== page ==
2 1

Atom of Diagram 4 1 1 Similar 1 2 Different

Another atom 1 1 Similar 2 3 Different

State any ten of following information: At time t0 t1 : 1. element X is in liquid state 2. the particles are closed to each other 3. the particles arrangement is not orderly 4. the kinetic energy increases

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At time t1 t2 : 5. element X is is in liquid ad gaseous state 6. some particles are closed to each other and some are far apart 7. the particle arrangement is not orderly 8. the kinetic energy is constant At time t2 t3 : 9. element X is in gaseous state 10. the particles are far away 11. the particle arrangement are not orderly 12. the kinetic energy is increases

CHAPTER 4: PERIODIC TABLE OF THE ELEMENTS 1 SPM 2006/P2/Q8(SECTION B) a) i) The electron configuration is 2.8.7. The element is chlorine. ii) Cl2(g) + 2NaOH(aq) b) NaCl(aq) + NaOCl(aq) + H2O(l)

1. The atom in Diagram 8.2 has four electron shell 2. The distance between the nucleus and the valence electrons of atom in Diagram 8.2 is greater than atom in Diagram 8.1 3. The attractive forces between the nucleus and the valence electron becomes weaker. 4. The atom in Diagram 8.1 has a stronger attraction towards electron compared to the atom in Diagram 8.2. 5. The atom in Diagram 8.1 is more electronegative compare to atom in Diagram 8.2. 6. Therefore atom in Diagram 8.1 is more reactive compared to the atom in Diagram 8.2. Less reactive i) 1. Concentrated acid is corrosive and the experiment must be conducted in a fume chamber. 2. Make sure that the apparatus are connected tightly to prevent leakage of chlorine gas. Chlorine gas is poisonous. ii) Part G Chlorine gas will react with iron wool to produce iron (III) chloride solid. 2Fe(s) + 3Cl2(g) 2FeCl3(s) Part H The excess chlorine gas will flow into sodium hydroxide solution to produce sodium chloride, sodium chlorate (I) and water. Cl2(g) + 2NaOH(aq) NaCl(aq) + NaOCl(aq) + H2O(l)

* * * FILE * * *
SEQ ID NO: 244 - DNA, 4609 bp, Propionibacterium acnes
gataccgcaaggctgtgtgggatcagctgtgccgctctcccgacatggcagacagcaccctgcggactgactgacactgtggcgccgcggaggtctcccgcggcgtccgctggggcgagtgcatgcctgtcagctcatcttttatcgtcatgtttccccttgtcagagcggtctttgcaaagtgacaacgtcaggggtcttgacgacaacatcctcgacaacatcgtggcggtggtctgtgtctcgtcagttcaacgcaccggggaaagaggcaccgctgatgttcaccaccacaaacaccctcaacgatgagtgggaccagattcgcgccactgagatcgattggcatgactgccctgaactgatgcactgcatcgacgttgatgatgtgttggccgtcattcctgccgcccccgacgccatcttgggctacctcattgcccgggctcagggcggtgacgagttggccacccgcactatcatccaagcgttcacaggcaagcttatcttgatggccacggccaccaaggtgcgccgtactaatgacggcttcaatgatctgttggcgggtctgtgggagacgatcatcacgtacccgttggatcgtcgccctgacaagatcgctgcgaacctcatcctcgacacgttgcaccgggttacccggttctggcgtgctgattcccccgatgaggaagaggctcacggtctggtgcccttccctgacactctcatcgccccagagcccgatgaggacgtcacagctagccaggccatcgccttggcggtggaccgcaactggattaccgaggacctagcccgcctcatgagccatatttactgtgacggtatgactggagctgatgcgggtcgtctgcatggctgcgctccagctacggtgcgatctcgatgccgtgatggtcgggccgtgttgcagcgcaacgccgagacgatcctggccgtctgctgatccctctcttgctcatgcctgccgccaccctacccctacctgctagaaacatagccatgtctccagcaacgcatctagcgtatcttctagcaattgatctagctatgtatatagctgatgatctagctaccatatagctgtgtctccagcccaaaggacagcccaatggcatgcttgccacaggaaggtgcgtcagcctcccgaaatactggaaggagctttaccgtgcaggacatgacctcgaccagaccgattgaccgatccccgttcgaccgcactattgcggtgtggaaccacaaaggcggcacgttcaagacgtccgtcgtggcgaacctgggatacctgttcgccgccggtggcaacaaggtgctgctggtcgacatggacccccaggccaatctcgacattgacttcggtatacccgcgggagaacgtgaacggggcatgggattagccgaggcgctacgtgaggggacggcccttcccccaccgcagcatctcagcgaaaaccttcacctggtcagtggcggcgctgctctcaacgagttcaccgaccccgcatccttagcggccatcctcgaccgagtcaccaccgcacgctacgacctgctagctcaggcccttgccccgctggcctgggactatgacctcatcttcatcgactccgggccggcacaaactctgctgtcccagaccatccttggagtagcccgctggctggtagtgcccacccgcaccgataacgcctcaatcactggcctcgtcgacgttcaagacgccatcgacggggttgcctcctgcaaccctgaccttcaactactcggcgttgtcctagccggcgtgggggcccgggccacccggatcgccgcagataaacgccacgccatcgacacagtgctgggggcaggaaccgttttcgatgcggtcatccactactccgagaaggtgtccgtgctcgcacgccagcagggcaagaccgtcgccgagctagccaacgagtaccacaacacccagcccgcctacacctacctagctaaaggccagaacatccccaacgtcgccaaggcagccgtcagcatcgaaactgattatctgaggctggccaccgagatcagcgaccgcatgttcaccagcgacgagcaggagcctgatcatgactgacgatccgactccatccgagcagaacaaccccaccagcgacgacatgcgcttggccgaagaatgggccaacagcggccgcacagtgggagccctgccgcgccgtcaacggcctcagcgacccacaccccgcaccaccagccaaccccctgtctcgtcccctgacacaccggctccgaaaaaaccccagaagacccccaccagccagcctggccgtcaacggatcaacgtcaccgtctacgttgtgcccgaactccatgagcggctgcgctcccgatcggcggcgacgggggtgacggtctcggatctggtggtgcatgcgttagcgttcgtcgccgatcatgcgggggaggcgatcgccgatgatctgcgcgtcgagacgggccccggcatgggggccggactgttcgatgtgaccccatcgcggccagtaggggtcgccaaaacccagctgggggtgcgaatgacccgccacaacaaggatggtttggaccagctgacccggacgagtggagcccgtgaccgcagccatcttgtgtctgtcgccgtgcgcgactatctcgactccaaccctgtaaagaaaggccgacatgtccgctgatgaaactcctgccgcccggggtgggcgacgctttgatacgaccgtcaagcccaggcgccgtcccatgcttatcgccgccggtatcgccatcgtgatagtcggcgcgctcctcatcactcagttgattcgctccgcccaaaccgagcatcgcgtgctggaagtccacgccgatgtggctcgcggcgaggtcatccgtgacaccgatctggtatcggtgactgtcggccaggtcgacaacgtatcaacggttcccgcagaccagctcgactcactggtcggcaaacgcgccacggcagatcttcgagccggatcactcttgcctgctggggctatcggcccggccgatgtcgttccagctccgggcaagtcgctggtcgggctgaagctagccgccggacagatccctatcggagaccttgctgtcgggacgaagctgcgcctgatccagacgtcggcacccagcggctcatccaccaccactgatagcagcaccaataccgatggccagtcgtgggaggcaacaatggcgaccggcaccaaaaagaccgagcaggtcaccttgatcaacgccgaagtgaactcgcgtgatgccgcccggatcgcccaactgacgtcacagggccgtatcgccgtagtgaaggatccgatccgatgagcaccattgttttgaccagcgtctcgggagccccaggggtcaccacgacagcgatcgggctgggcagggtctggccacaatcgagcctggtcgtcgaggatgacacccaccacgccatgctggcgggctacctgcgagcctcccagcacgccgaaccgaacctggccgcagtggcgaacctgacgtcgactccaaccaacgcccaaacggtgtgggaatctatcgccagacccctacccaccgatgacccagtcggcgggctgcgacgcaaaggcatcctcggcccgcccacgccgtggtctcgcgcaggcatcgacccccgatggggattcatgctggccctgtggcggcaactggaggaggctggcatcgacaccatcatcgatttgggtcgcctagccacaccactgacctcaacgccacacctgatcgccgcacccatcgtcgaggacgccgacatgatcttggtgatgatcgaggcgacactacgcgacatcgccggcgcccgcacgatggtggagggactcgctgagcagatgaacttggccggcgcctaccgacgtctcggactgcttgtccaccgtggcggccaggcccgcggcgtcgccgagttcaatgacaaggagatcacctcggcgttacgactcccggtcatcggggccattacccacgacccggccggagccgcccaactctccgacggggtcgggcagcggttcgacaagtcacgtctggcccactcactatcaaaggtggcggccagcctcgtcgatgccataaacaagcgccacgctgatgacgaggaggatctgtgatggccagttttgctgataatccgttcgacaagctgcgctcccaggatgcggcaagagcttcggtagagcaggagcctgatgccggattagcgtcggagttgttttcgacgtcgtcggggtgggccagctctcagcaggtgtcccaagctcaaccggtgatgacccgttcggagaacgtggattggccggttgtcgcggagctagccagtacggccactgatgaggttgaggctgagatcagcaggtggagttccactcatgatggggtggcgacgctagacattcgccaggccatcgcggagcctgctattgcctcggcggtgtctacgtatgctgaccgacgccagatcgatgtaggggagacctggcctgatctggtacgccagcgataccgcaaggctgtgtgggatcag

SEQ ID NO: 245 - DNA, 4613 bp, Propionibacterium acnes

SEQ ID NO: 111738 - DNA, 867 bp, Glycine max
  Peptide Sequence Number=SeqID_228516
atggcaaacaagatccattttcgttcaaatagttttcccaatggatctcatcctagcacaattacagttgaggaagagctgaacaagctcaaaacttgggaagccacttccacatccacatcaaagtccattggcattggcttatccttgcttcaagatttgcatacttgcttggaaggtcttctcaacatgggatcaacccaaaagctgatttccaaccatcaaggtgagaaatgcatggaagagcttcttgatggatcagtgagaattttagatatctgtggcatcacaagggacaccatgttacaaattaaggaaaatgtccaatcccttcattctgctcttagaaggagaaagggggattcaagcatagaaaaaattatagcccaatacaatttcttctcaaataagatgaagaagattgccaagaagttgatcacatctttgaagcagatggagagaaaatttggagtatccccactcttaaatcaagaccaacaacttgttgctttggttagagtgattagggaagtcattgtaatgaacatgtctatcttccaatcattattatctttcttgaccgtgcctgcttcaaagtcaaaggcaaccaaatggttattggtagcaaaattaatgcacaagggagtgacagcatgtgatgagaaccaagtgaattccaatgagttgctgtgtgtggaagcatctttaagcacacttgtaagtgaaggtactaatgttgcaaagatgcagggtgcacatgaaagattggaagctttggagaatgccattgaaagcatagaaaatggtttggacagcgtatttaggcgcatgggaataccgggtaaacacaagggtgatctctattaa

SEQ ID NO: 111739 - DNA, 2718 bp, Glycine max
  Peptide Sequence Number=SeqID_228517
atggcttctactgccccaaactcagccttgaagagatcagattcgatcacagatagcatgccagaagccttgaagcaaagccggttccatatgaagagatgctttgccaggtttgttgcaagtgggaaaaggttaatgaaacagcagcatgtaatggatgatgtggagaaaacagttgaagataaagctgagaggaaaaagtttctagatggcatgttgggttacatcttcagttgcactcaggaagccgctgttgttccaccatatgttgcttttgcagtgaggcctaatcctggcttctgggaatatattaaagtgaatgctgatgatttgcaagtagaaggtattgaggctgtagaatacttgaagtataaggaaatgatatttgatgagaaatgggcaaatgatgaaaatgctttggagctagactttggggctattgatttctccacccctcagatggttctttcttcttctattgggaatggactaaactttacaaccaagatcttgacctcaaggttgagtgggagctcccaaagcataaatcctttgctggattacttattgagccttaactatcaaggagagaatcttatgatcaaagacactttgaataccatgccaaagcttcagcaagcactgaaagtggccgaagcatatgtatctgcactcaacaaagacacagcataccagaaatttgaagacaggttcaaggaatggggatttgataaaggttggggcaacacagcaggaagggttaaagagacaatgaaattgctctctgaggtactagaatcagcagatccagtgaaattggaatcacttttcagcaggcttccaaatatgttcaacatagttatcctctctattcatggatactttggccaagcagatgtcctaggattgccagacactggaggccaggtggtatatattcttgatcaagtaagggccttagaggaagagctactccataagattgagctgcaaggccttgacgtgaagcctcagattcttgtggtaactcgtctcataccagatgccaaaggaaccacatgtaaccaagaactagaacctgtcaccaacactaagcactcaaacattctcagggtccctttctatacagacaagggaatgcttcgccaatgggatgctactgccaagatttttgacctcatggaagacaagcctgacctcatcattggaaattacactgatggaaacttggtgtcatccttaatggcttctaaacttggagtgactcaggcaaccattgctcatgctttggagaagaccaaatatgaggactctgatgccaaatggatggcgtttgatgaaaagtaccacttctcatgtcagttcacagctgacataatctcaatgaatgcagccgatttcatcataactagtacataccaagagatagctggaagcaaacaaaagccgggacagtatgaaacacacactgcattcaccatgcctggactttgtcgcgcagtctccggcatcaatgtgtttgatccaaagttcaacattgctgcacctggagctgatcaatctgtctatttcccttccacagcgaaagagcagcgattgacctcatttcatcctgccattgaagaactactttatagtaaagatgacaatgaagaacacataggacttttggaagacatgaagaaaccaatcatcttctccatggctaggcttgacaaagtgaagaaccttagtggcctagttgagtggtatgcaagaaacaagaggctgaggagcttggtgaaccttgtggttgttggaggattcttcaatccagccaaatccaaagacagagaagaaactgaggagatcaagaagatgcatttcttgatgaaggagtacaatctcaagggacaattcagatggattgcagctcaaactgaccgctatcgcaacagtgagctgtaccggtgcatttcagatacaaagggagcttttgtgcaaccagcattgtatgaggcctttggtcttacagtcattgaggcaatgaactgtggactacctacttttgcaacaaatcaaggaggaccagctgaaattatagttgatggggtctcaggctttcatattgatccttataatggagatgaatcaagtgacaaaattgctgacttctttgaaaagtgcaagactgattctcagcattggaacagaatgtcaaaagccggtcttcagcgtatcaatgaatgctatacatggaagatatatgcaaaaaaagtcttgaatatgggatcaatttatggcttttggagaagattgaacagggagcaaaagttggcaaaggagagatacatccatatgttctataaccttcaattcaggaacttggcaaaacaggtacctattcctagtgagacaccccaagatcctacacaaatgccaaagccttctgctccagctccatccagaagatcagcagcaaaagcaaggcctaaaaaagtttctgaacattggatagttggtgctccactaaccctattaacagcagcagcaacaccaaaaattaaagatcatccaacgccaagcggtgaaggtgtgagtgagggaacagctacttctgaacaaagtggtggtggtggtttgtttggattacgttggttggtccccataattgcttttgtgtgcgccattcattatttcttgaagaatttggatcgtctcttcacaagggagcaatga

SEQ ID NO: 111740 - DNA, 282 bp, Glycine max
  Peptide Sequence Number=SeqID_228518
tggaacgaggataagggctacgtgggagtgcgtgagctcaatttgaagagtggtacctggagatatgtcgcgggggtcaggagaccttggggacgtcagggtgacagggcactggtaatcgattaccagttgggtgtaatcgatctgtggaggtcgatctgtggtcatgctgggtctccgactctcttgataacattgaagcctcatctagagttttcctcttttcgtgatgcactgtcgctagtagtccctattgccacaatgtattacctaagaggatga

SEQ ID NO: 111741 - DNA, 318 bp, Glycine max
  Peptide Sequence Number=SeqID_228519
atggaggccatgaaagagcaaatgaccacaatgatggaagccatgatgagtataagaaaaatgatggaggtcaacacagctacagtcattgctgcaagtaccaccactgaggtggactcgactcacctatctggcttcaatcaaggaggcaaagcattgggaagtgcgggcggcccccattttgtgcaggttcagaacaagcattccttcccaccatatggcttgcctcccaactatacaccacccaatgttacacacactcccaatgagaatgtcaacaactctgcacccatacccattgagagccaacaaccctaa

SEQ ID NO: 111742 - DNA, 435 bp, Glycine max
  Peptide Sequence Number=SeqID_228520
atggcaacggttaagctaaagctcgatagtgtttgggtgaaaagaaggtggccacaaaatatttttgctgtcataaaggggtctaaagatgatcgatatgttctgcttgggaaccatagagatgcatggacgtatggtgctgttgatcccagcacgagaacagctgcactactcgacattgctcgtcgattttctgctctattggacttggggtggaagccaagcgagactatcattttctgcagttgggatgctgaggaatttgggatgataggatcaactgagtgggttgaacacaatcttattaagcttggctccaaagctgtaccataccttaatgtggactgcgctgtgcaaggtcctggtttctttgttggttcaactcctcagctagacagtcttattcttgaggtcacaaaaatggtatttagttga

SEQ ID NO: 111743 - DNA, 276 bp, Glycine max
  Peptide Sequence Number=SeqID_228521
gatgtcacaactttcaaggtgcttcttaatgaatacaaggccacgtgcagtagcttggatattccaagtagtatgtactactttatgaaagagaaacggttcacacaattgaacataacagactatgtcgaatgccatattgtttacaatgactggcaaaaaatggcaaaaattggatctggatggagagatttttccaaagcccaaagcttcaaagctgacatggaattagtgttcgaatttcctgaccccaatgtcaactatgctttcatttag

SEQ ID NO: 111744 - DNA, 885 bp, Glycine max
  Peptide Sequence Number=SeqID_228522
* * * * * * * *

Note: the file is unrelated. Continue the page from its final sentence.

c) d)

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1 SPM 2008/P3/Q2 a) Aim of the experiment :

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To investigate the reactivity of lithium, sodium and potassium with water. b) All the variables : Manipulated variable : Different type of alkali metal Responding variable : Reactivity of metals Fixed variable : Water, size of alkali metal c) Statement of the hypothesis : When going down Group 1, alkali metals become more reactive in their reaction with water.

d)

List of substances and apparatus : Substances : Small pieces of lithium, sodium and potassium, filter paper, distilled water, red litmus paper Apparatus : Water troughs, small knife, forceps

e)

Procedure of the experiment : 1. Cut a small piece of lithium using a knife and forceps. 2. Dry the oil on the surface of the lithium with filter paper. 3. Place the lithium slowly onto the water surface in a water trough. 4. When the reactions stop, test the solution produced with red litmus paper. 5. Record the observation on the table. 6. Repeat steps 1-5 using sodium and potassium to replace lithium one by one.

f)

Tabulation of data:

Alkali Metals Lithium Sodium Potassium

Observation

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CHAPTER 5 : CHEMICAL BOND 1 SPM 2004/P2/Q1(SECTION B) a)

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b)